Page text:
SEGMENT INFORMATION    The Company has six operating segments defined by geographic regions which are Northeast, Mid-Atlantic, Southeast, Central, West and Southern CA. Each segment serves both DIY and DIFM lines of business. The Company aggregates all of its operating segments and has one reportable segment. Sales by major product categories are as follows:

 
  Year ended  
(dollar amounts in thousands)
  January 28,
2012
  January 29,
2011
  January 30,
2010
 

Parts and accessories

  $ 1,259,500   $ 1,261,678   $ 1,219,396  

Tires

    383,257     336,490     314,223  

Service labor

    420,870     390,473     377,319  
               

Total revenues

  $ 2,063,627   $ 1,988,641   $ 1,910,938  
               

        SIGNIFICANT SUPPLIERS    During fiscal 2011, the Company's ten largest suppliers accounted for approximately 52% of merchandise purchased. No single supplier accounted for more than 21% of the Company's purchases. Other than a commitment to purchase 4.2 million units of oil products at various prices over a two-year period, the Company has no long-term contracts or minimum purchase commitments under which the Company is required to purchase merchandise. Open purchase orders are based on current inventory or operational needs and are fulfilled by vendors within short periods of time and generally are not binding agreements.

        SELF INSURANCE    The Company has risk participation arrangements with respect to workers' compensation, general liability, automobile liability, and other casualty coverages. The Company has a wholly owned captive insurance subsidiary through which it reinsures this retained exposure. This subsidiary uses both risk sharing treaties and third party insurance to manage this exposure. In addition, the Company self insures certain employee-related health care benefit liabilities. The Company maintains stop loss coverage with third party insurers through which it reinsures certain of its casualty and health care benefit liabilities. The Company records both liabilities and reinsurance receivables using actuarial methods utilized in the insurance industry based upon historical claims experience.

        RECLASSIFICATION    Certain prior period amounts have been reclassified to conform to current period presentation. These reclassifications had no effect on reported totals for assets, liabilities, shareholders' equity, cash flows or net income.

RECENT ACCOUNTING STANDARDS

        In January 2010, the Financial Accounting Standards Board ("FASB") issued Accounting Standards Update ("ASU") 2010-06 "Fair Value Measurements—Improving Disclosures on Fair Value Measurements" ("ASU 2010-06"). This guidance requires new disclosures surrounding transfers in and out of level 1 or 2 in the fair value hierarchy and also requires that the reconciliation of level 3 inputs includes separately reported information on purchases, sales, issuances and settlements. The increased disclosures should be reported for each class of assets or liabilities. ASU 2010-06 also clarifies existing disclosures for the level of disaggregating, disclosures about valuation techniques and inputs used to determine level 2 or 3 fair value measurements and includes conforming amendments to the guidance on employers' disclosures about postretirement benefit plan assets. ASU 2010-06 was effective for interim and annual reporting periods beginning after December 15, 2009 except for the disclosures about purchases, sales, issuances or settlements in the roll forward activity for level 3 fair value measurements which are effective for interim and annual periods beginning after December 15, 2010. The adoption of ASU 2010-06 did not have a material impact on the Company's consolidated financial statements.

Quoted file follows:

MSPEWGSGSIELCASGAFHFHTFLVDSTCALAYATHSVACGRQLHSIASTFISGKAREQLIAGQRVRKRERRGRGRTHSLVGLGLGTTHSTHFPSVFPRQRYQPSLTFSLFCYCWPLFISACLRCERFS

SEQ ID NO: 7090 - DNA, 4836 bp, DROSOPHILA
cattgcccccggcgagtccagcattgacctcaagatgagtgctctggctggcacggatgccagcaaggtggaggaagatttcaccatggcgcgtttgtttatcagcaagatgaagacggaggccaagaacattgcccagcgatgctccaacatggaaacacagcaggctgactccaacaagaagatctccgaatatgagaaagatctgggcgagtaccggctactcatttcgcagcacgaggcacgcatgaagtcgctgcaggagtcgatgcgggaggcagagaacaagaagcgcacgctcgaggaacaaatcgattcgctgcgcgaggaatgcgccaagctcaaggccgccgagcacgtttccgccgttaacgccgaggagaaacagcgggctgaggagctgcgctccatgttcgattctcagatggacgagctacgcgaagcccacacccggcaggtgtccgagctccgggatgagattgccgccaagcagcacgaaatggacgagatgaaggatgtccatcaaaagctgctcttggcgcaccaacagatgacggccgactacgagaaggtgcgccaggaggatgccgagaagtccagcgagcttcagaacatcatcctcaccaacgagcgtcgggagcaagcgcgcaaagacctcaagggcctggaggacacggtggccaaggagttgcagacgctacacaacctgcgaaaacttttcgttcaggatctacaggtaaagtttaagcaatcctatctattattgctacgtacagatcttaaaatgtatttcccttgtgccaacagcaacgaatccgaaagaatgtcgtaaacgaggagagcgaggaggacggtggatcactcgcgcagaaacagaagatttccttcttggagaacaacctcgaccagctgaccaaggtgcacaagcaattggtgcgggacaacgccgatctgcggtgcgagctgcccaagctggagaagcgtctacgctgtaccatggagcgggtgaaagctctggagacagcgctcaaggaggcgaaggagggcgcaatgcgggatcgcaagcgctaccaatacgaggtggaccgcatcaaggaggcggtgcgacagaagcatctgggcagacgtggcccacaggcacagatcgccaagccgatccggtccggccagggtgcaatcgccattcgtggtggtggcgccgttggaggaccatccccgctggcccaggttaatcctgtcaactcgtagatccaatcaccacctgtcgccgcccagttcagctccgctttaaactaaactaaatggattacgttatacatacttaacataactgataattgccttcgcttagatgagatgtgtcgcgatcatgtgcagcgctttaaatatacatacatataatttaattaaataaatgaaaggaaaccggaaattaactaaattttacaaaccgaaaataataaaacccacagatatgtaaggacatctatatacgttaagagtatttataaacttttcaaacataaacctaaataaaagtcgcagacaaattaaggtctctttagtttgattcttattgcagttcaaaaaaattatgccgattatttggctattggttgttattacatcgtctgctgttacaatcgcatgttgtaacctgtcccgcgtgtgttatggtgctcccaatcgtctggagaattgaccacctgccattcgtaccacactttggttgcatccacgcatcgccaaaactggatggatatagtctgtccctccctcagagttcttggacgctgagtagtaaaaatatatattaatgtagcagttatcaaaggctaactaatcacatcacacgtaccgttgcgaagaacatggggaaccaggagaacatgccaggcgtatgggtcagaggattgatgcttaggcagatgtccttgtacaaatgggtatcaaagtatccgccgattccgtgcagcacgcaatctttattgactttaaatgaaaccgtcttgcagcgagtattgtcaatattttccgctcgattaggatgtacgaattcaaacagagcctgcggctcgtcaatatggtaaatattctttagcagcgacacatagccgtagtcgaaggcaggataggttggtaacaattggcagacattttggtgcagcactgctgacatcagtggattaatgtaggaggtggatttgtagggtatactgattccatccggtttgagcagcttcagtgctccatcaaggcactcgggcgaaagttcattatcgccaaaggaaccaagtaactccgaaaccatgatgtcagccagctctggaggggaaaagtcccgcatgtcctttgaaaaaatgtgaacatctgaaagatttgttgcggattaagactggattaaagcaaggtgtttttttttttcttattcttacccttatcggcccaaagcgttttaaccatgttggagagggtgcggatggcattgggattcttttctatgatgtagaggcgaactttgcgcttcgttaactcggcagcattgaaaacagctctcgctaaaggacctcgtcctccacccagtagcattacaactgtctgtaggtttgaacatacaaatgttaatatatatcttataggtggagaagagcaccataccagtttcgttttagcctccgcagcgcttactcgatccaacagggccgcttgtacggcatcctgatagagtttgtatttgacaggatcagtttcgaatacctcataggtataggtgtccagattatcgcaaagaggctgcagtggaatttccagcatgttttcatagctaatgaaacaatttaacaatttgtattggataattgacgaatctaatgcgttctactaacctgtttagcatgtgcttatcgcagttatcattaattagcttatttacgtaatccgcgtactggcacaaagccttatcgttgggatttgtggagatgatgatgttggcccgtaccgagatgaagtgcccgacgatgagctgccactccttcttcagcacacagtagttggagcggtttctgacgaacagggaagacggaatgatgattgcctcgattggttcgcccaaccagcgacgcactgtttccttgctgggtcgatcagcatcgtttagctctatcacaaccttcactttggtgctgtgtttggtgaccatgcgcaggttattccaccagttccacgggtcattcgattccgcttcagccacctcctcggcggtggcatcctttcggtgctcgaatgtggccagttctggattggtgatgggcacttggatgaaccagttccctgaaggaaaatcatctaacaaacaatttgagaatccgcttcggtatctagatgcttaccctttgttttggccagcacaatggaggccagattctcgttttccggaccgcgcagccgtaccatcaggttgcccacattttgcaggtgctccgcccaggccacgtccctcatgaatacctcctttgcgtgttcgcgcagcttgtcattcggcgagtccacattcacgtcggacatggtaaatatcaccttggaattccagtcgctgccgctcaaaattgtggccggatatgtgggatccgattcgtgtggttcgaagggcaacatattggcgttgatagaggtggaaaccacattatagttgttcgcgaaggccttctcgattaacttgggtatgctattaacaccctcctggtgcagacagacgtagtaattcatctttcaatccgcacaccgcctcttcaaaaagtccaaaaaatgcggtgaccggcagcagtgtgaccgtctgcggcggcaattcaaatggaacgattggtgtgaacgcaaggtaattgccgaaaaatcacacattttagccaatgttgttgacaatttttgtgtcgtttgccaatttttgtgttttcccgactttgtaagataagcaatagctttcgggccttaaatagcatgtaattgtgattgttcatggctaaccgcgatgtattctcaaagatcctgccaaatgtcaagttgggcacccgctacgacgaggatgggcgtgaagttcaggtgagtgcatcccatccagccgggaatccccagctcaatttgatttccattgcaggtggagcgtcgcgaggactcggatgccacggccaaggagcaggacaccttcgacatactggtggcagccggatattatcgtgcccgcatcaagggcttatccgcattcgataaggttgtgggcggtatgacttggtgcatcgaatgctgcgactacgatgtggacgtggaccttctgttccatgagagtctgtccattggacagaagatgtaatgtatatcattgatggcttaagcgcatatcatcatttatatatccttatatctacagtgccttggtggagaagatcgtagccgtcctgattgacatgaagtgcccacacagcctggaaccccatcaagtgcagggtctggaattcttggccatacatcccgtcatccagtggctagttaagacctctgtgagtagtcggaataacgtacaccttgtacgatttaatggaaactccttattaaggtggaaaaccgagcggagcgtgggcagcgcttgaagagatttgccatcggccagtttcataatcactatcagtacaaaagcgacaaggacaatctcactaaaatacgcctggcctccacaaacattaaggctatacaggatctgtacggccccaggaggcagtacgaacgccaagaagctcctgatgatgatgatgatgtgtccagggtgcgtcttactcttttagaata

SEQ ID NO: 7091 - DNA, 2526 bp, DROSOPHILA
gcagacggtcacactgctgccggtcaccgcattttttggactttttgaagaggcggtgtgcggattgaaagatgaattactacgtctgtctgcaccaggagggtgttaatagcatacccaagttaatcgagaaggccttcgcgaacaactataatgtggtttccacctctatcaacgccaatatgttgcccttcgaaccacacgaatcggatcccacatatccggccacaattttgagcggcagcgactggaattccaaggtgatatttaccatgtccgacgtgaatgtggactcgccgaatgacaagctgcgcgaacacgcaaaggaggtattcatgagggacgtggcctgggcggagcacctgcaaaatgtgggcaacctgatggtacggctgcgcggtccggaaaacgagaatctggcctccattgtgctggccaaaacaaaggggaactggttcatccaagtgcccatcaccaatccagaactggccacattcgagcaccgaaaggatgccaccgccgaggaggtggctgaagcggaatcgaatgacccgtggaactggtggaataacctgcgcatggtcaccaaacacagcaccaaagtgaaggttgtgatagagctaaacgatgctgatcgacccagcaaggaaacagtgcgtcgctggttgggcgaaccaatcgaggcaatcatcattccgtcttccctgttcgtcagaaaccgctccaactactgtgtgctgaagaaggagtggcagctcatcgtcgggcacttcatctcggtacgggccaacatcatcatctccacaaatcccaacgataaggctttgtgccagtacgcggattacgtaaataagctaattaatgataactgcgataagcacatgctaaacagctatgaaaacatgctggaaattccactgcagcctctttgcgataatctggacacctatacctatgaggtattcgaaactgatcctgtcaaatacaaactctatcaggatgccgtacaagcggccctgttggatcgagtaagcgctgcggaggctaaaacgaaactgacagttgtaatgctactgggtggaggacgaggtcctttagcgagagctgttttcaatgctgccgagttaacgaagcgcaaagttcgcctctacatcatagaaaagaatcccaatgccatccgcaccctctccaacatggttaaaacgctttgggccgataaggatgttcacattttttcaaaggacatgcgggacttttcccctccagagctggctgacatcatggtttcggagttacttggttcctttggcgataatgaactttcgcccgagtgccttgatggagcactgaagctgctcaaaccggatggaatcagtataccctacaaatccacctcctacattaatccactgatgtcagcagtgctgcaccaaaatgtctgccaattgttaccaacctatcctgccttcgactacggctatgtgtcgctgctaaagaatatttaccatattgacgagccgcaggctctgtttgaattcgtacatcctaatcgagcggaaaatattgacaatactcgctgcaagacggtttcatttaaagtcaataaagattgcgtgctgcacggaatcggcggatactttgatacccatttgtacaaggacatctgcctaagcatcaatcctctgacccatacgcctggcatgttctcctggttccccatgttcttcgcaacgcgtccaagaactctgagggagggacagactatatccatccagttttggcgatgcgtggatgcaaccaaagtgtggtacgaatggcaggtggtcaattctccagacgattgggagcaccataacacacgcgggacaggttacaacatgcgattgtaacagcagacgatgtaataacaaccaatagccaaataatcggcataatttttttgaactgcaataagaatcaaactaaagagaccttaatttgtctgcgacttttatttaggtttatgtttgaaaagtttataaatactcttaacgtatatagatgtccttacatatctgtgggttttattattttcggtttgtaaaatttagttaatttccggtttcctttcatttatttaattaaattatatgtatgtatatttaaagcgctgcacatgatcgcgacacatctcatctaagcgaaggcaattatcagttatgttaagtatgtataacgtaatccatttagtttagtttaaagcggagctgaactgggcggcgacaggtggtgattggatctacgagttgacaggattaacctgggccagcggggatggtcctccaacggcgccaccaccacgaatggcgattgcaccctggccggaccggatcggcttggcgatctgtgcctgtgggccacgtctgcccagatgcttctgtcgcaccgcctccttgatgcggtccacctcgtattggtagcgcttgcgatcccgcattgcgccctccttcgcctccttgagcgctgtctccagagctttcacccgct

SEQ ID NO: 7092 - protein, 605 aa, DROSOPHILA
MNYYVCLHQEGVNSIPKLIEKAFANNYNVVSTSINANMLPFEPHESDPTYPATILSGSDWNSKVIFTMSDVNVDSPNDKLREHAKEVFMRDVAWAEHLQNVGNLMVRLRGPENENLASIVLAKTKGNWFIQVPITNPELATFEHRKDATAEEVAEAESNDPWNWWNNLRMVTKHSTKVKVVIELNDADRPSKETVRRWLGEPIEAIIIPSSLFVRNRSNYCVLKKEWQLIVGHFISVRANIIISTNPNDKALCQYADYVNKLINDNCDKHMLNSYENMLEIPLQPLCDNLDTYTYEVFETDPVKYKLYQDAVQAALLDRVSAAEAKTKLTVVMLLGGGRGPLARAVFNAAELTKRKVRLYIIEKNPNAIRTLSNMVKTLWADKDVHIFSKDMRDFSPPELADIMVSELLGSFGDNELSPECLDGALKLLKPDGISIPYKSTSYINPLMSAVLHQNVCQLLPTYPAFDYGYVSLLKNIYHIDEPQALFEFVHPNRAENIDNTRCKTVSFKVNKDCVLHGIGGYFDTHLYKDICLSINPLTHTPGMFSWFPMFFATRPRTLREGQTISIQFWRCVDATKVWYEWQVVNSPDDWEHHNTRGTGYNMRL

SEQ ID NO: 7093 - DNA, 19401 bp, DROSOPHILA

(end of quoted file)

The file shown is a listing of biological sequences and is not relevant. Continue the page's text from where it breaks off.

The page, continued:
In December 2010, the FASB issued ASU 2010-29 "Business Combinations (Topic 805)—Disclosure of Supplementary Pro Forma Information for Business Combinations" (ASU 2010-29). This accounting standard update clarifies that SEC registrants presenting comparative financial statements should disclose in their pro forma information revenue and earnings of the combined entity as though the current period business combinations had occurred as of the beginning of the comparable prior annual reporting period only. The update also expands the supplemental pro forma disclosures to include a description of the nature and amount of material, nonrecurring pro forma adjustments directly attributable to the business combination included in the reported pro forma revenue and earnings. ASU 2010-29 is effective prospectively for material (either on an individual or aggregate basis) business combinations entered into in fiscal years beginning on or after December 15, 2010 with early adoption permitted. The adoption of ASU 2010-29 did not have a material impact on the consolidated financial statements.

        In May 2011, the FASB issued ASU 2011-04, "Fair Value Measurement (Topic 820)—Amendments to Achieve Common Fair Value Measurement and Disclosure Requirements in U.S. GAAP and IFRSs" ("ASU 2011-04"), which is effective for annual reporting periods beginning after December 15, 2011. This guidance amends certain accounting and disclosure requirements related to fair value measurements. The Company does not believe the adoption of ASU 2011-04 will have a material impact on the consolidated results of operations and financial condition.